Tomorrow, March 1st, is the big day of the DPLA meeting in Cambridge, MA. Although I will be paying attention from afar, I hope there are great conversations throughout the day, and that many positive action steps emerge. In particular, may the delegates discuss DPLA services, in addition to collections; possible complementary relationships between the proposed DPLA and the existing counterpane of public libraries; strategies for ensuring that all DPLA users have access to some sort of portable information appliance; and strategies for providing timely access to frontlist ebooks, especially in light of the announcement from HarperCollins last week about restrictions on library lending of their ebooks.
The DPLA core planning group has done a great job of opening up the process and expanding the membership on the steering committee since the “secret” meeting last October. In particular, it’s good to see that Peggy Rudd, the director and librarian of the Texas State Library and Archives Commission and Susan Hildreth, the newly sworn in director of IMLS, have been added as members of the DPLA steering committee. It’s been my pleasure to work briefly with Peggy in the areas of portable eReading and library services for individuals who are blind or experience vision problems. She is very interested in and deeply committed to these and other topics that will be essential for a robust DPLA for all Americans. Susan Hildreth is highly respected by the library community. Someone from IMLS told me today that there may be a potential problem with having Hildreth officially serve on this steering committee, but at least she will be able to remain a friend of the project.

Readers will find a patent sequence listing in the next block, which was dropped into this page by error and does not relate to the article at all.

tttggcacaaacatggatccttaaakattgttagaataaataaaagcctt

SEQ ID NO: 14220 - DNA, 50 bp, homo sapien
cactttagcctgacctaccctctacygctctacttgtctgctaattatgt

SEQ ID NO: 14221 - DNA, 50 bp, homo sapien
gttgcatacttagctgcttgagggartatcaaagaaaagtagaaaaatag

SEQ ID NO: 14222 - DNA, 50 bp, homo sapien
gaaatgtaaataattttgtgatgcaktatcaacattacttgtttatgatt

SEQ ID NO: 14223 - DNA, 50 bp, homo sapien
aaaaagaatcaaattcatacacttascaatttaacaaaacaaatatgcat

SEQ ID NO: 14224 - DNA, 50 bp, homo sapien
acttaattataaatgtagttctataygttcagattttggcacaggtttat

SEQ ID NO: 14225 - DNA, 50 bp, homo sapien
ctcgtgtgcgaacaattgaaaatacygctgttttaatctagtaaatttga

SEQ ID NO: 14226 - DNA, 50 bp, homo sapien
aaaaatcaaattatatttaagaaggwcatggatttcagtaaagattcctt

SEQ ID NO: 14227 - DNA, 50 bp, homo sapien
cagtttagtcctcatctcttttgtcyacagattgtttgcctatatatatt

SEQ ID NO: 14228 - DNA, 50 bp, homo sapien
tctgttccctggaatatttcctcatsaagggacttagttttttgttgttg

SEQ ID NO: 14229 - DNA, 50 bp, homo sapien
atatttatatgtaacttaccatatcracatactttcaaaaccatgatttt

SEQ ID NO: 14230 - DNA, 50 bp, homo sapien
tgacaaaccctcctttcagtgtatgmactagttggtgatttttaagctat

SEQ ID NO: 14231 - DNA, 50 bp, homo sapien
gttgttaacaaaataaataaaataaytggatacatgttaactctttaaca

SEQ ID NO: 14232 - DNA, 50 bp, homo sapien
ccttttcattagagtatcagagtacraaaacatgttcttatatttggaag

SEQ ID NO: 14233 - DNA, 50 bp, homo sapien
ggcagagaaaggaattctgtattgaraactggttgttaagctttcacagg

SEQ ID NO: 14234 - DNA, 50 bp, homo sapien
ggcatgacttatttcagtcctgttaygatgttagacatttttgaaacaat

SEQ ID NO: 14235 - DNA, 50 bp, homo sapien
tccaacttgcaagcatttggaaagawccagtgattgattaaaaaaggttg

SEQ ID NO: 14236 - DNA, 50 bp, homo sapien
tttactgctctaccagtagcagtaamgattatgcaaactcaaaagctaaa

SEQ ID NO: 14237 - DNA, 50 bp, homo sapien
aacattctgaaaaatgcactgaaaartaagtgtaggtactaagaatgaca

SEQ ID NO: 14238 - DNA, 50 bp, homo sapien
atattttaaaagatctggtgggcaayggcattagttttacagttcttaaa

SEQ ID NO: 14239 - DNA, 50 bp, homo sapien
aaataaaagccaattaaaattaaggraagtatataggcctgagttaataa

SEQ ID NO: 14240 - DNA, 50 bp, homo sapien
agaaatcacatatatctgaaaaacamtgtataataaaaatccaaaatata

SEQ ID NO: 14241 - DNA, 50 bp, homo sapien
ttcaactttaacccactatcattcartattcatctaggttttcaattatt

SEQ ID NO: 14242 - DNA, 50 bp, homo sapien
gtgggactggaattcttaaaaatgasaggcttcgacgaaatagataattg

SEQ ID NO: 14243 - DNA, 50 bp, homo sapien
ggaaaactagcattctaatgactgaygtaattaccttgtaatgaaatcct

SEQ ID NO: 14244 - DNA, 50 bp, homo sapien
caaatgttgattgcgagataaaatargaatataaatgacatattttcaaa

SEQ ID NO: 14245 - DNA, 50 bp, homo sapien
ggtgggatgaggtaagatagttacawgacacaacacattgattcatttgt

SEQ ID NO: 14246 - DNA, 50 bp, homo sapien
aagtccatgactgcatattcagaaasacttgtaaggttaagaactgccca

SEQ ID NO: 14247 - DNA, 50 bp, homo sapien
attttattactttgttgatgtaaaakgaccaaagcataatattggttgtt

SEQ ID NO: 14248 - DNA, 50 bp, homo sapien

One final reflection on the eve of this meeting: I hope the reporting out is expansive, both in terms of who does the reporting and regarding channels (the project wiki, Twitter, blogs, podcasts, etc.).
[Update: I’ve just shared some additional thoughts on the DPLA, following my return from the workshop. Also see DPLA steering committee Chair John Palrey‘s blog–discussion sessions I, II, III and IV. – David Rothman, March 15, 2011.]
- Hacking a secretive ‘public’ library group: Let’s ask DPLA steering committee members how they voted—and about open meetings vs. a Porcellian Club approach
- DPLA now considering separate academic and public library systems, and meanwhile the first Beta Sprint deadline is nearing—June 15
- Q. & A. with DPLA leader John Palfrey on closed meetings, the controversial P Word and other governance issues
- Thumbs up on the DPLA beta sprint, just so the group will also open up in other ways, ASAP, such as public meetings of the Steering Committee
- DPLA steering committee still secretive, as shown by LibraryCity’s survey of SC members of Harvard-hosted digital library initiative